VEGGIES KEEP BRAIN YOUNGER, STUDY SAYS
October 25, 2006
New research has found that eating vegetables appears to help keep the brain young and may slow the mental decline sometimes associated with growing old.
On measures of mental sharpness, older people who ate more than two servings of vegetables daily appeared about five years younger at the end of a six-year study than those who ate few or no vegetables. Eating fruit did not have the same effect.
- The research, in almost 2,000 Chicago-area men and women, does not prove that vegetables reduce mental decline, but it adds to mounting evidence pointing in that direction; the findings also echo research conducted only on women.
- Green, leafy vegetables including spinach, kale and collards appeared to be the most beneficial; the researchers said that might be because they contain healthy amounts of Vitamin E, an antioxidant believed to help fight chemicals produced by the body that can damage cells.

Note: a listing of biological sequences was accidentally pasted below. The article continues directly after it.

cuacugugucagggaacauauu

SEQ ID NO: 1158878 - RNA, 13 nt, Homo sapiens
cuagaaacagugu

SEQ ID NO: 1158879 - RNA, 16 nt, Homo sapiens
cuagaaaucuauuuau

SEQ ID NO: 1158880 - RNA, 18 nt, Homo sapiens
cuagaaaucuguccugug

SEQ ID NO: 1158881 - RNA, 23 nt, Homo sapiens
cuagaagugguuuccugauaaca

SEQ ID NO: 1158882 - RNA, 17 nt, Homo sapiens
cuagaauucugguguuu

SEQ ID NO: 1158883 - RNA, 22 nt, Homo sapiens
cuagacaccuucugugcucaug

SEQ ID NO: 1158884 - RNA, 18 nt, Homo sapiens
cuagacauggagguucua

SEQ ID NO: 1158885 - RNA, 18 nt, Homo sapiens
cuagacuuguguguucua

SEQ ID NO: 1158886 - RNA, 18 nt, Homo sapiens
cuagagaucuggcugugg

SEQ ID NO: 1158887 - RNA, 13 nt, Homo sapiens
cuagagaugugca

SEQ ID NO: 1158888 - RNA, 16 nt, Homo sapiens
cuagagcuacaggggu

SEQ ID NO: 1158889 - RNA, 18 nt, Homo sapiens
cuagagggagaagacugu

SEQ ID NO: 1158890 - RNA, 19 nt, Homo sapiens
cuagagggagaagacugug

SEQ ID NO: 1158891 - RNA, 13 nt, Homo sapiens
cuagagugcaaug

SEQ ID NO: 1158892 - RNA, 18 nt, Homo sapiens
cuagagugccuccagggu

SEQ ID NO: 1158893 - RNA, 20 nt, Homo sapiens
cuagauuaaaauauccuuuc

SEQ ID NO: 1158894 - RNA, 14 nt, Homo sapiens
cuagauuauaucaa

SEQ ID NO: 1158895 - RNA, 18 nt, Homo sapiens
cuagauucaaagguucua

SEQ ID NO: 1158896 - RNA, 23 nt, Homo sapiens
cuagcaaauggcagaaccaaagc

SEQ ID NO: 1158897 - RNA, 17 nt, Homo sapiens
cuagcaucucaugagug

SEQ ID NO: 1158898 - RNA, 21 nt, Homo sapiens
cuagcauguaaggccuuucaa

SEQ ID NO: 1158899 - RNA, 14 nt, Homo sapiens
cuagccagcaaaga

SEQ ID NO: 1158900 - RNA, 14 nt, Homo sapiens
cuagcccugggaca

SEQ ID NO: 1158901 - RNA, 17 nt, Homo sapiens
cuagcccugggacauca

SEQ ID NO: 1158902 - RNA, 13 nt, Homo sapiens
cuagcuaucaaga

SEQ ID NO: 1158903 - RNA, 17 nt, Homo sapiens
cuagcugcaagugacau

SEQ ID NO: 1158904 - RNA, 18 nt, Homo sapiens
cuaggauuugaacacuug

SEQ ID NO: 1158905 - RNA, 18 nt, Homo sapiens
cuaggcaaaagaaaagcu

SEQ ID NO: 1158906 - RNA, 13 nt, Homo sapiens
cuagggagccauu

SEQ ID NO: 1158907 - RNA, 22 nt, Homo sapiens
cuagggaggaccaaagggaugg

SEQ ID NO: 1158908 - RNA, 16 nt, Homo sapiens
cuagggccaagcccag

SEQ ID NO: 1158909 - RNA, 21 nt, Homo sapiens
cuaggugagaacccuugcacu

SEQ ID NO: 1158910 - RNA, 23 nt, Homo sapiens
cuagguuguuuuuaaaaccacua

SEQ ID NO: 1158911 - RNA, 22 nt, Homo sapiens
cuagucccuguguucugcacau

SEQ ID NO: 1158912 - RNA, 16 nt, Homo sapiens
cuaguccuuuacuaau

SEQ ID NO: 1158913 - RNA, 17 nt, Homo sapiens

Vegetables generally contain more Vitamin E than fruits, which were not linked with slowed mental decline in the study. Vegetables also are often eaten with healthy fats such as salad oils, which help the body absorb Vitamin E and other antioxidants, said lead author Martha Clare Morris, a researcher at the Rush Institute for Healthy Aging at Chicago's Rush University Medical Center.
Overall, people did gradually worse on these tests over time, but those who ate more than two vegetable servings a day had about 40 percent less mental decline than those who ate few or no vegetables. Their test results resembled what would be expected in people about five years younger, Morris said.
Source: Lindsey Tanner, "Veggies keep brain younger, study says; Green, leafy foods appear to be the most beneficial because they have a lot of Vitamin E," Associated Press/Philadelphia Inquirer, October 24, 2006; based upon: M. C. Morris et al., "Associations of vegetable and fruit consumption with age-related cognitive change," Neurology, Volume 67, Issue 8, October 24, 2006.
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